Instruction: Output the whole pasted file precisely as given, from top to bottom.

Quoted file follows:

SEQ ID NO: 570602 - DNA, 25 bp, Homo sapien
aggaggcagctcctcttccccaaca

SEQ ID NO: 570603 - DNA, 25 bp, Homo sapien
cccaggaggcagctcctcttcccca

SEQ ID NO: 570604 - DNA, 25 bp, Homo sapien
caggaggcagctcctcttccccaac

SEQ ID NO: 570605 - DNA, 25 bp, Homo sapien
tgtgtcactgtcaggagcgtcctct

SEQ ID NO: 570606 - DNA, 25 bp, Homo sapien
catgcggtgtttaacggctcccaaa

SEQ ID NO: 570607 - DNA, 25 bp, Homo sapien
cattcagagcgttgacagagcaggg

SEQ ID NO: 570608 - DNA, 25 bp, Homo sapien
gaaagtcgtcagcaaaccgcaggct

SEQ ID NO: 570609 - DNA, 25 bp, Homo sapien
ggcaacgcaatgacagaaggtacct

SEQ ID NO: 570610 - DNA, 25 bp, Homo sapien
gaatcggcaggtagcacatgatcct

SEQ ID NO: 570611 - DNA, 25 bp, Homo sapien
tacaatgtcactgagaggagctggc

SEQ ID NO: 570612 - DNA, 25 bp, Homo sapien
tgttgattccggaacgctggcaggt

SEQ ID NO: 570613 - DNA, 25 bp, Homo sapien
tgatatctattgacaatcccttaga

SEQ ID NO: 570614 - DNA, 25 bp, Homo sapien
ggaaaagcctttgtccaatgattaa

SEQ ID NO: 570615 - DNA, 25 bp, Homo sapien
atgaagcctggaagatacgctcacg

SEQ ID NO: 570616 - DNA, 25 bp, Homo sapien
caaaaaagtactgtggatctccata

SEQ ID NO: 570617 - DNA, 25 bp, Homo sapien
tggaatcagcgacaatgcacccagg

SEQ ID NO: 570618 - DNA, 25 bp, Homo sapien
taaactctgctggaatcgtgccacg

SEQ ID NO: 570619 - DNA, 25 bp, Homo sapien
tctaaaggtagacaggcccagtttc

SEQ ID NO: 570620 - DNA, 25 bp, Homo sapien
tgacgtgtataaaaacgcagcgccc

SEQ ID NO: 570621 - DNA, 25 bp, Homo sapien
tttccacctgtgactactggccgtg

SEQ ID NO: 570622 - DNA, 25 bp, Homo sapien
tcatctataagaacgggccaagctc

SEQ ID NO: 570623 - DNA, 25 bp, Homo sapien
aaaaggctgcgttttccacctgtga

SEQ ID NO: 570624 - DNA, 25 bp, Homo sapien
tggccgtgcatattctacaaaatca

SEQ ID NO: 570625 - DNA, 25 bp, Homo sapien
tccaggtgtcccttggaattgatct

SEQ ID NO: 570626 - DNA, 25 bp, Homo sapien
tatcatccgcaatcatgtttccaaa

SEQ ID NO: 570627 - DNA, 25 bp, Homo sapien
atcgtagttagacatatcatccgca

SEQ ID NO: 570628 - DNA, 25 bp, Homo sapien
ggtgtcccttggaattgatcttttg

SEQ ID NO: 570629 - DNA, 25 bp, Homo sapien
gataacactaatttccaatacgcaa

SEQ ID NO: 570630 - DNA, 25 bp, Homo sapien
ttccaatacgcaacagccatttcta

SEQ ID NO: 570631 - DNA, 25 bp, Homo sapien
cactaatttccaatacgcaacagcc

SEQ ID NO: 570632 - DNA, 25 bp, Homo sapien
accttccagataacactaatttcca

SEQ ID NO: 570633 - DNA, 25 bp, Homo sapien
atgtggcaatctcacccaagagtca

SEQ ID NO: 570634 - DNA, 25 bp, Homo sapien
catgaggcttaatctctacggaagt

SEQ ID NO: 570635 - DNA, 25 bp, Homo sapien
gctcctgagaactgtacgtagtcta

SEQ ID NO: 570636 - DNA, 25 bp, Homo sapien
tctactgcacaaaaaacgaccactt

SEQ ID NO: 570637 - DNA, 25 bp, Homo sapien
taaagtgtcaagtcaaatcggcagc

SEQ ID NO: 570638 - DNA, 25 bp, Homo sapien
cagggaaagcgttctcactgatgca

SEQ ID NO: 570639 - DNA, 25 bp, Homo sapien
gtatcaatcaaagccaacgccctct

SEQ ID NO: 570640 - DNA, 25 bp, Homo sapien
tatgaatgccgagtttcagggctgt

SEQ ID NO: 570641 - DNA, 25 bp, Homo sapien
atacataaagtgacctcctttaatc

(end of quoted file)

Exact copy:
SEQ ID NO: 570602 - DNA, 25 bp, Homo sapien
aggaggcagctcctcttccccaaca

SEQ ID NO: 570603 - DNA, 25 bp, Homo sapien
cccaggaggcagctcctcttcccca

SEQ ID NO: 570604 - DNA, 25 bp, Homo sapien
caggaggcagctcctcttccccaac

SEQ ID NO: 570605 - DNA, 25 bp, Homo sapien
tgtgtcactgtcaggagcgtcctct

SEQ ID NO: 570606 - DNA, 25 bp, Homo sapien
catgcggtgtttaacggctcccaaa

SEQ ID NO: 570607 - DNA, 25 bp, Homo sapien
cattcagagcgttgacagagcaggg

SEQ ID NO: 570608 - DNA, 25 bp, Homo sapien
gaaagtcgtcagcaaaccgcaggct

SEQ ID NO: 570609 - DNA, 25 bp, Homo sapien
ggcaacgcaatgacagaaggtacct

SEQ ID NO: 570610 - DNA, 25 bp, Homo sapien
gaatcggcaggtagcacatgatcct

SEQ ID NO: 570611 - DNA, 25 bp, Homo sapien
tacaatgtcactgagaggagctggc

SEQ ID NO: 570612 - DNA, 25 bp, Homo sapien
tgttgattccggaacgctggcaggt

SEQ ID NO: 570613 - DNA, 25 bp, Homo sapien
tgatatctattgacaatcccttaga

SEQ ID NO: 570614 - DNA, 25 bp, Homo sapien
ggaaaagcctttgtccaatgattaa

SEQ ID NO: 570615 - DNA, 25 bp, Homo sapien
atgaagcctggaagatacgctcacg

SEQ ID NO: 570616 - DNA, 25 bp, Homo sapien
caaaaaagtactgtggatctccata

SEQ ID NO: 570617 - DNA, 25 bp, Homo sapien
tggaatcagcgacaatgcacccagg

SEQ ID NO: 570618 - DNA, 25 bp, Homo sapien
taaactctgctggaatcgtgccacg

SEQ ID NO: 570619 - DNA, 25 bp, Homo sapien
tctaaaggtagacaggcccagtttc

SEQ ID NO: 570620 - DNA, 25 bp, Homo sapien
tgacgtgtataaaaacgcagcgccc

SEQ ID NO: 570621 - DNA, 25 bp, Homo sapien
tttccacctgtgactactggccgtg

SEQ ID NO: 570622 - DNA, 25 bp, Homo sapien
tcatctataagaacgggccaagctc

SEQ ID NO: 570623 - DNA, 25 bp, Homo sapien
aaaaggctgcgttttccacctgtga

SEQ ID NO: 570624 - DNA, 25 bp, Homo sapien
tggccgtgcatattctacaaaatca

SEQ ID NO: 570625 - DNA, 25 bp, Homo sapien
tccaggtgtcccttggaattgatct

SEQ ID NO: 570626 - DNA, 25 bp, Homo sapien
tatcatccgcaatcatgtttccaaa

SEQ ID NO: 570627 - DNA, 25 bp, Homo sapien
atcgtagttagacatatcatccgca

SEQ ID NO: 570628 - DNA, 25 bp, Homo sapien
ggtgtcccttggaattgatcttttg

SEQ ID NO: 570629 - DNA, 25 bp, Homo sapien
gataacactaatttccaatacgcaa

SEQ ID NO: 570630 - DNA, 25 bp, Homo sapien
ttccaatacgcaacagccatttcta

SEQ ID NO: 570631 - DNA, 25 bp, Homo sapien
cactaatttccaatacgcaacagcc

SEQ ID NO: 570632 - DNA, 25 bp, Homo sapien
accttccagataacactaatttcca

SEQ ID NO: 570633 - DNA, 25 bp, Homo sapien
atgtggcaatctcacccaagagtca

SEQ ID NO: 570634 - DNA, 25 bp, Homo sapien
catgaggcttaatctctacggaagt

SEQ ID NO: 570635 - DNA, 25 bp, Homo sapien
gctcctgagaactgtacgtagtcta

SEQ ID NO: 570636 - DNA, 25 bp, Homo sapien
tctactgcacaaaaaacgaccactt

SEQ ID NO: 570637 - DNA, 25 bp, Homo sapien
taaagtgtcaagtcaaatcggcagc

SEQ ID NO: 570638 - DNA, 25 bp, Homo sapien
cagggaaagcgttctcactgatgca

SEQ ID NO: 570639 - DNA, 25 bp, Homo sapien
gtatcaatcaaagccaacgccctct

SEQ ID NO: 570640 - DNA, 25 bp, Homo sapien
tatgaatgccgagtttcagggctgt

SEQ ID NO: 570641 - DNA, 25 bp, Homo sapien
atacataaagtgacctcctttaatc